NSW Higher School Certificate results are developed using fair, rigorous and publicly accountable processes. The integrity of HSC examinations and results is a prime concern of the BOSTES, which is continually expanding its results services for students, teachers and parents.
- Delivery of HSC results
- HSC Results Inquiry Centre – 1300 13 83 23
- HSC Results Check service
- HSC Raw Marks Report service
- HSC Examination Responses service
- Results Analysis Package (principals and teachers only)
- Anomalous results (principals only)
Delivery of HSC results
HSC results will be delivered to students via email and text message from 6.00 am on Wednesday 16 December 2015. Students will also be able to access their results at the same time via their Students Online account.
Students who do not wish to receive their results by email or SMS can opt out via Students Online until 5pm on Tuesday 15 December.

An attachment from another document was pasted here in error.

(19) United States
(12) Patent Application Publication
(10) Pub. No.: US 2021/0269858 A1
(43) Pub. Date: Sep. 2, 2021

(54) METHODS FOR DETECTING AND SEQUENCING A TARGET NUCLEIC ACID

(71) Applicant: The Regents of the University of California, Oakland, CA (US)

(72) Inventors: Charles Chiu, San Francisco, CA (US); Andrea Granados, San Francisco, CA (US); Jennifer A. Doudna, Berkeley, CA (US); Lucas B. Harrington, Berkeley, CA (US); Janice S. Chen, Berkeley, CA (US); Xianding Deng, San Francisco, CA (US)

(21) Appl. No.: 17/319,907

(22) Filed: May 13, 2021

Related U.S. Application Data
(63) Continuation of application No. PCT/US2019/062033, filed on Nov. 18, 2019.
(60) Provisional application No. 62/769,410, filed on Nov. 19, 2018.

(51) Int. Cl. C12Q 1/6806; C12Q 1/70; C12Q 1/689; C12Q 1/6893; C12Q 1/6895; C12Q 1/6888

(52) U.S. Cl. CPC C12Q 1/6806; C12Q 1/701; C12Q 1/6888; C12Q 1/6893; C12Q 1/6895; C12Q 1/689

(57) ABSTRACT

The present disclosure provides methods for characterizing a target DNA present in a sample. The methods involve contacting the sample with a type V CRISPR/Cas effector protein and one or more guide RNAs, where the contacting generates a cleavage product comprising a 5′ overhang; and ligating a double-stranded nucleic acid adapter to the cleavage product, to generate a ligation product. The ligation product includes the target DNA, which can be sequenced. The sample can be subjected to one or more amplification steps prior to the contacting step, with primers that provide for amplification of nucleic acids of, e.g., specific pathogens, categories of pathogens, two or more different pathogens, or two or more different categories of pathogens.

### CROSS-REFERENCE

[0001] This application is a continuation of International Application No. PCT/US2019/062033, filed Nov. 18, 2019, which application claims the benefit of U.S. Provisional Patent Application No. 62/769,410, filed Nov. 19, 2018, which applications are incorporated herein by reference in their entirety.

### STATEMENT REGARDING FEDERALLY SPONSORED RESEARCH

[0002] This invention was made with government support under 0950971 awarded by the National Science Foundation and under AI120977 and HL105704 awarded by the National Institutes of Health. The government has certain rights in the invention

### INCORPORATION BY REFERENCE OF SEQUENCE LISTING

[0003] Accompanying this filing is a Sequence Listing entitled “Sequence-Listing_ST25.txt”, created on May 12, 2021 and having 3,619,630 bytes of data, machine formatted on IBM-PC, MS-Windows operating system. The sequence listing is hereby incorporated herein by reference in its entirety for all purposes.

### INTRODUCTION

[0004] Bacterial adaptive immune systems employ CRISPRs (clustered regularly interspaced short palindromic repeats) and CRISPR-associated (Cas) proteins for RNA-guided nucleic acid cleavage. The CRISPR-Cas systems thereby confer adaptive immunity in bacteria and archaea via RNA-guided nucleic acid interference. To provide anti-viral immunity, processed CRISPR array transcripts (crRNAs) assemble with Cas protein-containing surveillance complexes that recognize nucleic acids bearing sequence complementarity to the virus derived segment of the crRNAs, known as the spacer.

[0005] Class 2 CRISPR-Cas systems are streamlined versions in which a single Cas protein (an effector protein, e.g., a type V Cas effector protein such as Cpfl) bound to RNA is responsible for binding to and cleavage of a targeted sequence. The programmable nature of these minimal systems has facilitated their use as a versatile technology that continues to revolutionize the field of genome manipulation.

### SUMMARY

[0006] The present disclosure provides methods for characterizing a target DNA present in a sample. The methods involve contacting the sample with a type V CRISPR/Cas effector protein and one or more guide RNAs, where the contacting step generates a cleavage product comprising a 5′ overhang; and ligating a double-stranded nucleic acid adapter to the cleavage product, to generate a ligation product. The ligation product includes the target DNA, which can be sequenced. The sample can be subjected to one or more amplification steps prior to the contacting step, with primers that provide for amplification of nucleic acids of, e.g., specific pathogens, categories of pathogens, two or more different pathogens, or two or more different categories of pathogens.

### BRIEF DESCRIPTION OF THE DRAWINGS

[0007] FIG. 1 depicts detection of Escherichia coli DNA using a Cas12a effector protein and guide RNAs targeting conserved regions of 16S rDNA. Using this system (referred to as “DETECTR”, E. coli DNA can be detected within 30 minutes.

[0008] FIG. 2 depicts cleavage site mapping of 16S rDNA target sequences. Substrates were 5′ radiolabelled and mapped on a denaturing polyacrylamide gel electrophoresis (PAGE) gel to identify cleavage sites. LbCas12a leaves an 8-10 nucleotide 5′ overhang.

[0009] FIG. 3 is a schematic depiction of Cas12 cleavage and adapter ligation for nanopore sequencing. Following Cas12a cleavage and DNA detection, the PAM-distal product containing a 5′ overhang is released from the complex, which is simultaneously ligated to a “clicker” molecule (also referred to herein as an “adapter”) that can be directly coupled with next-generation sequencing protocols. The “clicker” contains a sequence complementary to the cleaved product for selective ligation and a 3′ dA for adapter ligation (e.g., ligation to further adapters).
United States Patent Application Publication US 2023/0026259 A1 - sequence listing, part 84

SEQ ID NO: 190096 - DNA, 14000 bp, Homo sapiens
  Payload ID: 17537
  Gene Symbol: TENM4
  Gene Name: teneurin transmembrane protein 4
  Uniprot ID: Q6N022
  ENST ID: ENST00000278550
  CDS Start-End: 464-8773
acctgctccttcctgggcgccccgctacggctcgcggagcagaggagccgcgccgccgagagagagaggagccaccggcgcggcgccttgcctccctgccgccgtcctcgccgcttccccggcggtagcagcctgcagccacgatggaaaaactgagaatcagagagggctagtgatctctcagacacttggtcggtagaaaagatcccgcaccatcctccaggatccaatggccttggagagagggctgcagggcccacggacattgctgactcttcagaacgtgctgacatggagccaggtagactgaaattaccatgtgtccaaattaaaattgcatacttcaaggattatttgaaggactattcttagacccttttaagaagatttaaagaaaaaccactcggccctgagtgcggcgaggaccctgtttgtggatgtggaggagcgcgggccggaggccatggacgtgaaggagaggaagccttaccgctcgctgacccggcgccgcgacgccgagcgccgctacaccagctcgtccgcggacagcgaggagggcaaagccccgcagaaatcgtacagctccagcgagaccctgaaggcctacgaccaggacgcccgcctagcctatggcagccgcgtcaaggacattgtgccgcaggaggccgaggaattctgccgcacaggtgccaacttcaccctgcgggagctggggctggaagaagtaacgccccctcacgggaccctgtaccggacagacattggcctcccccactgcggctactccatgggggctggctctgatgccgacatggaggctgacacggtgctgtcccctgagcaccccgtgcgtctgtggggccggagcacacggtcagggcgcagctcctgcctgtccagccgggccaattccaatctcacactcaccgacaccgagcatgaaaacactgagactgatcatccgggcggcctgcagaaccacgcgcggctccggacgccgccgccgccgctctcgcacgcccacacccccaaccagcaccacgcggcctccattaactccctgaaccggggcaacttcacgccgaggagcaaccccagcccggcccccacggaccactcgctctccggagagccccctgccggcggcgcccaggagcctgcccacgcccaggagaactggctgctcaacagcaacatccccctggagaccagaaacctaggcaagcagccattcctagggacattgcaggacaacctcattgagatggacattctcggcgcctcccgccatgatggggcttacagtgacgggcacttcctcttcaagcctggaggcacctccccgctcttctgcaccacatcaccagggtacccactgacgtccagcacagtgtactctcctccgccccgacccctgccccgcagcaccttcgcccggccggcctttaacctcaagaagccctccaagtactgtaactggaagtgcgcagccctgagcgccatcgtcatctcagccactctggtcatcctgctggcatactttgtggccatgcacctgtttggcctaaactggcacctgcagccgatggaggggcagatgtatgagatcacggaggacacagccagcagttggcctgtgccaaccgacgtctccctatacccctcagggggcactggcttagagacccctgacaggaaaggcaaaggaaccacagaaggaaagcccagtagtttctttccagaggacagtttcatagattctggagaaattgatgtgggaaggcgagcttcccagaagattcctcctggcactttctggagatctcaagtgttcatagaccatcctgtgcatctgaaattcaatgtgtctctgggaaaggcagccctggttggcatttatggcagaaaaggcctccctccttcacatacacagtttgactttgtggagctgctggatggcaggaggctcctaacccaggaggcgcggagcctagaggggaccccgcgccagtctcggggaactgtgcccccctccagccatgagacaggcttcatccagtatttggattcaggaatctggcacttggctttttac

HSC testamurs are delivered in January. Additional printed copies of HSC testamurs, and printed copies of other HSC credential documents, are also available for a fee. Students are also able to download a PDF copy of their credentials via their Students Online account.
Read more about delivery of HSC results and results services on Students Online.
There is a range of resources available online to students to help clarify and explain the systems behind determining and processing HSC results. The HSC Results section of this website covers:
- Understanding your results
- How results are determined
- Judging and applying the standards
- How moderation works
HSC Results Inquiry Centre – 1300 13 83 23
The HSC Results Inquiry Centre is a telephone service available for students to call on 1300 13 83 23 after results are released. The service offers a valuable opportunity for students to talk with experienced BOSTES staff who are able to answer questions about their HSC results or the systems behind determining and processing them.
Students can call the Inquiry Centre to discuss any concerns they have about their marks or ask specific questions about their results. Specific questions might include: